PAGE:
One more thing to note is how great this deck functions against Blastoise/Keldeo-EX by abusing their Grass Weakness.
For those of you that have not yet seen any Regionals results posted I’ll fill you in with the information I have found:
1) Andrew Krekler – Blastoise/Keldeo-EX/Keldeo BCR 47
2) Jando Luna – Landorus-EX/Mewtwo EX/Garbodor
3/4) Dan Richard – Landorus-EX/Mewtwo EX/Garbodor
3/4) Kevin Forbes – Blastoise/Keldeo-EX
1) Brent Siebenkittel – Blastoise/Keldeo-EX
2) Harrison Leven – Blastoise/Keldeo-EX
3) Daniel Lopez – Darkrai EX/Mewtwo EX/Bouffalant
4) Justin Sanchez – Tornadus EX
1) Trevore Read – Rayquaza EX/Eelektrik
2) Matthew Chin – Rayquaza EX/Eelektrik
3/4) Chase Maloney – Rayquaza EX/Eelektrik
3/4) Karl Angeles – Landorus-EX/Mewtwo EX/Bouffalant
1) Alex Gardner – Landorus-EX/Mewtwo EX/Tornadus EX/Terrakion
2) Sammy Sosa – RayquazaEX/Emolga/Eelektrik
3) Matt Gaudet – Blastoise/Keldeo-EX
4) Stefan Tabaco – Darkrai EX/Mewtwo EX/Bouffalant
(Did anyone else think about baseball when they saw the results for California?)
1) Ray Cipoletti – Darkrai EX/Mewtwo EX/Bouffalant
2) Dylan Bryon – Darkrai EX/Sableye/Garbodor
3) Michael Skoran – Blastoise/Keldeo-EX
4) Azul Garcia Griego – Darkrai EX/Mewtwo EX/Bouffalant
Now that we have covered Regionals let’s jump straight into our soon to be newest expansion – Plasma Storm. After looking through all of the Japanese scans and translations I am really excited to get my hands on the new cards. In this section I will quickly go over my thoughts on some of the new cards that I expect to make an impact on our new format.
BulbapediaLugia EX has the same Ability that Rayquaza & Deoxys LEGEND had which allows you to take an extra Prize card whenever Lugia Knocks Out one of your opponent’s Pokémon. This Ability is undeniably strong, however Lugia does not come without some glaring weaknesses. A simple Bolt Strike from Zekrom BLW will 1HKO any Lugias brave enough to cross its path.
Lugia’s high Energy cost along with the necessity to discard a Plasma Energy every time you attack with Plasma Gale means that it likely needs the aid of other Pokémon to combat high Hit Point Pokémon.
This card has already received a ton of hype, but will Lugia EX actually live up to it? My answer is that we may not see its true potential until after States. Lugia EX will get a huge boost whenever Thundurus EX is released outside of Japan. For now players will have to find more creative ways to get the most out of Lugia’s stellar Ability.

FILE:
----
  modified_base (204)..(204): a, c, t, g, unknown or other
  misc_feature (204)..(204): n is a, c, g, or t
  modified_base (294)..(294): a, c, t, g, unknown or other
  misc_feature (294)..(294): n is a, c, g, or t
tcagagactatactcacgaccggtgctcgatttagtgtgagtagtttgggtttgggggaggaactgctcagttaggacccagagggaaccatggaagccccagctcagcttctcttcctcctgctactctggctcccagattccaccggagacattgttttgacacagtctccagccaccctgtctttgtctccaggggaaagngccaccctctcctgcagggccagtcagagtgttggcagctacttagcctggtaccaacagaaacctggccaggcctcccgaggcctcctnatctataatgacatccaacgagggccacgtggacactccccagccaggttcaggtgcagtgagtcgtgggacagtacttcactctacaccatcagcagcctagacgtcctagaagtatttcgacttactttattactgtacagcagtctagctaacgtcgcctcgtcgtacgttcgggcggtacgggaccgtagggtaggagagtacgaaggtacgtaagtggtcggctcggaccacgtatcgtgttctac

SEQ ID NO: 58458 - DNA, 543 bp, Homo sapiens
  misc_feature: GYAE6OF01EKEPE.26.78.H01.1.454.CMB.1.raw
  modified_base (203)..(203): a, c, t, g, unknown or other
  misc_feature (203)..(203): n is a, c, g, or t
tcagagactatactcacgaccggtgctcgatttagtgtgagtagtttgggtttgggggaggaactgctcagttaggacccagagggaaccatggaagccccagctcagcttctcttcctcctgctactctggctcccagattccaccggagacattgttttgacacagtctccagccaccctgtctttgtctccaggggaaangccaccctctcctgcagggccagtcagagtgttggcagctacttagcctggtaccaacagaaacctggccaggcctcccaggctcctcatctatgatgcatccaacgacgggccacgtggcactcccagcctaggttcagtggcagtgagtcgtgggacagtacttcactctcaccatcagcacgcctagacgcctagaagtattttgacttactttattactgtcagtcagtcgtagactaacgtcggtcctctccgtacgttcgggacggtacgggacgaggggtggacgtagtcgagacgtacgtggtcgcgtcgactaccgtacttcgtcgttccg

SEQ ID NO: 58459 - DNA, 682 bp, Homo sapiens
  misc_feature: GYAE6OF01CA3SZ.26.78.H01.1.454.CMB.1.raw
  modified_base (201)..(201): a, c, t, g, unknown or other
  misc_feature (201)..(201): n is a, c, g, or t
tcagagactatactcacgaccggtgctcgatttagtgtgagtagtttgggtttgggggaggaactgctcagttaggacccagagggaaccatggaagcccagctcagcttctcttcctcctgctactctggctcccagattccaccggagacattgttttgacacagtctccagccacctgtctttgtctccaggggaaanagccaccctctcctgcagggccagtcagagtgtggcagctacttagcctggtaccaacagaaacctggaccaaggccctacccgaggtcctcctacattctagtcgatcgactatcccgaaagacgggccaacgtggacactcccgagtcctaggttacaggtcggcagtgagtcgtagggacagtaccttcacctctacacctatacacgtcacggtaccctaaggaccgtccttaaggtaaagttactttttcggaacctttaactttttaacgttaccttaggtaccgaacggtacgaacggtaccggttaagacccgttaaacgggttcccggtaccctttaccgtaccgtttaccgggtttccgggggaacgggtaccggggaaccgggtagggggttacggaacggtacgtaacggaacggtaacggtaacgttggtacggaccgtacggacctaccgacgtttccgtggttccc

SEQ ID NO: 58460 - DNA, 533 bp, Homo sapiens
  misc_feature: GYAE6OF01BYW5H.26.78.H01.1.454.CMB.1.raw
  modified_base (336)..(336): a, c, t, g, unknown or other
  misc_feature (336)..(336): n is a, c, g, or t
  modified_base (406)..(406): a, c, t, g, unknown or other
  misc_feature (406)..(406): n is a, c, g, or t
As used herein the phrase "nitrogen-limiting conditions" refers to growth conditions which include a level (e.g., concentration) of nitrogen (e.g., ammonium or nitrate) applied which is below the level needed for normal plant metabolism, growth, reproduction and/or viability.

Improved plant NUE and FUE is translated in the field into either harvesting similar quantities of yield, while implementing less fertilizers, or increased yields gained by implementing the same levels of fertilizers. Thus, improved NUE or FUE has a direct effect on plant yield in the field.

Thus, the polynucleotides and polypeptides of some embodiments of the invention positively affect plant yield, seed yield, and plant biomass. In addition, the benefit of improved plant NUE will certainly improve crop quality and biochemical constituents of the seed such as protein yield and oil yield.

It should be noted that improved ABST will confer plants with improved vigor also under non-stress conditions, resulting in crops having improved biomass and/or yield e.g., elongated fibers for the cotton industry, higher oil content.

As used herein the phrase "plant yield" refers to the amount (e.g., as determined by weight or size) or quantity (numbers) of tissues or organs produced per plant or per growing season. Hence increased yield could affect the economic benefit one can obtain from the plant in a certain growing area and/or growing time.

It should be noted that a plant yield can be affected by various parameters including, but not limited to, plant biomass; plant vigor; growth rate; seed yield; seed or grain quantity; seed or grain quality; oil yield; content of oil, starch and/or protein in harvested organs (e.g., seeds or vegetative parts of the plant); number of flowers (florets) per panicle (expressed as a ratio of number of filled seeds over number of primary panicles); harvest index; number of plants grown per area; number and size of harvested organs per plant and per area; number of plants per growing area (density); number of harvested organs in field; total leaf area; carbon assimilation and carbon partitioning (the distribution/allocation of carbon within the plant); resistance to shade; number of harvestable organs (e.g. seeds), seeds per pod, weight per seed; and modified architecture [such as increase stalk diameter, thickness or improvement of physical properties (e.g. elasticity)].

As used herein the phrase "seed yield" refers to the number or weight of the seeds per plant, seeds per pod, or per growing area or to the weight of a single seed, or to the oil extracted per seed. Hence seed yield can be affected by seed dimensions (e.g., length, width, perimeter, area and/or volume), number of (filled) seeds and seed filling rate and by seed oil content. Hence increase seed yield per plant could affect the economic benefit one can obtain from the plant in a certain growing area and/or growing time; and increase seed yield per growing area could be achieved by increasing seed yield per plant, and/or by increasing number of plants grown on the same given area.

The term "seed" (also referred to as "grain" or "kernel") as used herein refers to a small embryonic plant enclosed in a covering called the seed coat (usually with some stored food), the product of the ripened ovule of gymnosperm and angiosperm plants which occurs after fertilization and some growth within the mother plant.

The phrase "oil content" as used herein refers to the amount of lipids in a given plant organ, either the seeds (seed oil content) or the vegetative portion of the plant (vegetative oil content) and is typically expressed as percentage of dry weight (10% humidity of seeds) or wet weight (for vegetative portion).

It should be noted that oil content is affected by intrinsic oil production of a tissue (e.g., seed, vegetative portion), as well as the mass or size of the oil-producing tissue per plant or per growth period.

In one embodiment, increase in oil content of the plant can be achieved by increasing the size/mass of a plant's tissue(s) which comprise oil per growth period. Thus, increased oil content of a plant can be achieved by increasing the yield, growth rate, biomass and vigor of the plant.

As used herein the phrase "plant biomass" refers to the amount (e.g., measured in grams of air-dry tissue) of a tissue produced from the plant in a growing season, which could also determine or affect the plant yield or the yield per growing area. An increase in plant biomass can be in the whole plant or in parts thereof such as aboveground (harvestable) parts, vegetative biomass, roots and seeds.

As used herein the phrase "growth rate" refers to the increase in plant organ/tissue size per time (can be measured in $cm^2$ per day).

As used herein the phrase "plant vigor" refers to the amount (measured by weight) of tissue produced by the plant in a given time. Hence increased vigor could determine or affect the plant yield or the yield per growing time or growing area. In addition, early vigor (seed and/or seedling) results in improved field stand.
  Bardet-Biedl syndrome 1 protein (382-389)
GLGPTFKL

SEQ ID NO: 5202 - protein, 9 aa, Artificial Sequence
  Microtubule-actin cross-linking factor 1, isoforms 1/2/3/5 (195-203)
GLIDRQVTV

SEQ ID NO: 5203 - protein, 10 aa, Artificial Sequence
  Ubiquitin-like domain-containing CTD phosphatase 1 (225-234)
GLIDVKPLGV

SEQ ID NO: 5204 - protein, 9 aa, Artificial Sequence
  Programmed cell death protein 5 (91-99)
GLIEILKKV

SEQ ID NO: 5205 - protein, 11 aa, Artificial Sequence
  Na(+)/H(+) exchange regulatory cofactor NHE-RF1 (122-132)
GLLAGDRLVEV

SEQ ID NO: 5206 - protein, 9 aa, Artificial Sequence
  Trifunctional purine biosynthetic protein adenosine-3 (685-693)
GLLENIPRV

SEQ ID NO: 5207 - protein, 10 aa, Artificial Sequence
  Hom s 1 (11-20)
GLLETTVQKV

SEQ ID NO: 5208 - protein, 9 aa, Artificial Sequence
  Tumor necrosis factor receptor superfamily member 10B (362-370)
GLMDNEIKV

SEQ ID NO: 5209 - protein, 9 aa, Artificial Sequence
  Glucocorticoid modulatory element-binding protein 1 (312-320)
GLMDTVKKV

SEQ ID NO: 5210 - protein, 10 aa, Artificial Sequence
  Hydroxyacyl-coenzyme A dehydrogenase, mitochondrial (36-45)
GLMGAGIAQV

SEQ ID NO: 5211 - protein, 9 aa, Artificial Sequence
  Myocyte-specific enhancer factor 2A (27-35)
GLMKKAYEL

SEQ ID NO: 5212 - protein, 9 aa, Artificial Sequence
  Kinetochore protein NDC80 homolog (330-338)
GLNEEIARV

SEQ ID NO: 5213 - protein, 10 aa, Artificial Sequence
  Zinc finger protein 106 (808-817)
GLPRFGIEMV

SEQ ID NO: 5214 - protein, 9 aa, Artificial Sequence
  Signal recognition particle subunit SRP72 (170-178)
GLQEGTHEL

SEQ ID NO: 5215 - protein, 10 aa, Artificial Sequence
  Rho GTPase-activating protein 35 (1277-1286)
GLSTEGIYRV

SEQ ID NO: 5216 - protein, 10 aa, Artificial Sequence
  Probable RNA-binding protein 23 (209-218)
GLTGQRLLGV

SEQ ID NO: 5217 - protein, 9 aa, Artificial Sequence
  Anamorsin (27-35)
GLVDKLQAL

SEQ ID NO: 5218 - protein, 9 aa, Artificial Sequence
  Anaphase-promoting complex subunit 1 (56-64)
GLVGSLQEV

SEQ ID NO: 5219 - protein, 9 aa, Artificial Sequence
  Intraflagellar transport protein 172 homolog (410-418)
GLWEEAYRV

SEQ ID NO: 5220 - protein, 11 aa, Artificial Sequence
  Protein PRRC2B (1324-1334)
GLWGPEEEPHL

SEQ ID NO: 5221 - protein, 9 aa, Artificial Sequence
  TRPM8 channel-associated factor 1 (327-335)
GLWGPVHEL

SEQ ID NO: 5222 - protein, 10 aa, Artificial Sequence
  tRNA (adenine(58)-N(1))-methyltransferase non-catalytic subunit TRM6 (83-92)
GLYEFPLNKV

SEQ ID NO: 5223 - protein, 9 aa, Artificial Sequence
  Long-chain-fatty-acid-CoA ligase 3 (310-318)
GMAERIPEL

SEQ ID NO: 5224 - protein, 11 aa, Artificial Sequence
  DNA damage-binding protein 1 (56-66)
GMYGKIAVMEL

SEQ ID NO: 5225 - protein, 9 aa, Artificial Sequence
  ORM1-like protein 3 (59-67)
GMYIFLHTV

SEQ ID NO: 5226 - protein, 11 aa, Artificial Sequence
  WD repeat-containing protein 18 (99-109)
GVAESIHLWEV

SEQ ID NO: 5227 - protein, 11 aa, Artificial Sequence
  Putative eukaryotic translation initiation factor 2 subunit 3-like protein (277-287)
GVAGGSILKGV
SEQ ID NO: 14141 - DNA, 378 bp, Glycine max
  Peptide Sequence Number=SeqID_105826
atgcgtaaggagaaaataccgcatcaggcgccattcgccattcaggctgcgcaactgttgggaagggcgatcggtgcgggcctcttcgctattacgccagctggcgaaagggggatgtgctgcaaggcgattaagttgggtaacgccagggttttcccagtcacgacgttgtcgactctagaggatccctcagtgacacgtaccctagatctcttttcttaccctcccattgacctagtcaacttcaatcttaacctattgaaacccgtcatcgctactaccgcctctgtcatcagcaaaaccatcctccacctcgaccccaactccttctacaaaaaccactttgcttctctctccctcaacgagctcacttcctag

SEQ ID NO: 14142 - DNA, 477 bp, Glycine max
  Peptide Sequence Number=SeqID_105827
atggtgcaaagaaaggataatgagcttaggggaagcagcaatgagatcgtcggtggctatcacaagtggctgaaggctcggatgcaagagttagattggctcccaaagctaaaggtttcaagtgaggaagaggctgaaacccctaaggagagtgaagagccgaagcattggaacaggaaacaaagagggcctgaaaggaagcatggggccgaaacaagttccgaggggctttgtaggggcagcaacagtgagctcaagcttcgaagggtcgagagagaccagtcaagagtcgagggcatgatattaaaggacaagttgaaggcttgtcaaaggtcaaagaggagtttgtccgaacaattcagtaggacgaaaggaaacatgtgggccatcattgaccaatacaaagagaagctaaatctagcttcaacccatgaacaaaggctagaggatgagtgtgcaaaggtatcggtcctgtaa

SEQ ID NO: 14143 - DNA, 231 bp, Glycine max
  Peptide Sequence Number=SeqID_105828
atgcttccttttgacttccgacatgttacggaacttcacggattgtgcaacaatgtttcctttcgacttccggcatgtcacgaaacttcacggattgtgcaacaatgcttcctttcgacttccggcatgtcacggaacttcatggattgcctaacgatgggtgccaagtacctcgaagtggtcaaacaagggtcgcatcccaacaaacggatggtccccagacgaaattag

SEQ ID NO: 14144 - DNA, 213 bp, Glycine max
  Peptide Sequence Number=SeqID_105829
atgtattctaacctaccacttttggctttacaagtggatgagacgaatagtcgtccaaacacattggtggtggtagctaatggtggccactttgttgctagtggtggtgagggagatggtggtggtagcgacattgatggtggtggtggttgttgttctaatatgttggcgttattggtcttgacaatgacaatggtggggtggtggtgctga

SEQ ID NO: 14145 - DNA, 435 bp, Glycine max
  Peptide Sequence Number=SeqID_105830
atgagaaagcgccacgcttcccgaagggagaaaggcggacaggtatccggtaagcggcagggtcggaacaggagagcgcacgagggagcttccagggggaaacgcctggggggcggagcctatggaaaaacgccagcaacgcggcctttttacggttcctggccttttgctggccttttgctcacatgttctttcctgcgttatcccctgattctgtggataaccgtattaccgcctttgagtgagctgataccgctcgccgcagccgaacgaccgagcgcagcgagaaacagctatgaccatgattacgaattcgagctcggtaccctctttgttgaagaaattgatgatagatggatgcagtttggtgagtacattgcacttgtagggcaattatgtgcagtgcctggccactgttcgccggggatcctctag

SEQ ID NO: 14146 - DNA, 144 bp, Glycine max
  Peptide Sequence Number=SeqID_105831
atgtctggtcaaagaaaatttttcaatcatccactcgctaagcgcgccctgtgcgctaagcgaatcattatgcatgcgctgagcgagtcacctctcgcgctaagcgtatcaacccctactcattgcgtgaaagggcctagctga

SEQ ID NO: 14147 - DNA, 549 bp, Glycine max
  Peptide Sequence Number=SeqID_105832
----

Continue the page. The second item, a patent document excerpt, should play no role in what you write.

A lot of players seem to think that Metal Pokémon will make a strong showing at States this year led by Plasma Storm Klinklang protecting all of their Pokémon from EXs. While I see the potential I am not yet convinced due to Metal Pokémon lacking any form of reliable Energy acceleration aside from Colress Machine and Ether.
This strategy can also be countered by teching a V-create Victini into your deck.
Cobalion-EX’s success will largly depend on the viablilty of the new Klinklang. A one Energy attack that can discard Special Energies is a nice asset to have when paired against decks that heavily rely on them.
BulbapediaWhen I first saw Magnezone’s translations I was very excited. The advantage you gain over your opponent by playing two Supporters a turn is huge. Unfortunately Magnezone does not have many good qualities other than its Ability.
Magnezone’s Stage 2 status will likely keep it from seeing any competitive play for quite some time. Stage 2s can be inconsistent and take up a lot of deck space.
Thankfully due to Magnezone’s built in consistency I could see it following the same foot steps of Magnezone Prime. Magnezone Prime was awful when it was first released in our SP heavy format but later turned out to be possibly the strongest card in the entire card pool for Nationals and Worlds.
Since the beginning of my Pokémon career removing Weakness from a Pokémon is something I have seen countless players strive to achieve. Primarily it has been attempted through Stage 2 Pokémon such as Exploud SV or Leavanny NVI. These attempts have rarely been met with success mainly because it requires you to set up a Stage 2 Bench-sitter.
Plasma Frigate is a much more feasible option for removing Weakness. This only requires 1-2 deck spaces and can easily be searched out by cards like Skyla. None of this comes with out a price though as this is strategy is counter easily by simply replacing Plasma Frigate with another Stadium.
In our current format there are already a number of decks that could benefit in some way from this Stadium card such as:
- Lugia EX + Tornadus EX losing their Weakness to Zekrom BLW and Raikou-EX
- Darkrai EX losing its Weakness to Terrakion NVI and Landorus-EX
- Plasma Klinklang losing its Weakness to V-create Victini
- Mewtwo EX losing its weakness to itself
Colress Machine + Plasma Energy
BulbapediaAccess to Energy acceleration of any form is never a bad thing. Lugia EX seems to be one of the Pokémon that benefits the most from this combination in our current format. Klinklang decks can also make use of the extra Energy attachments.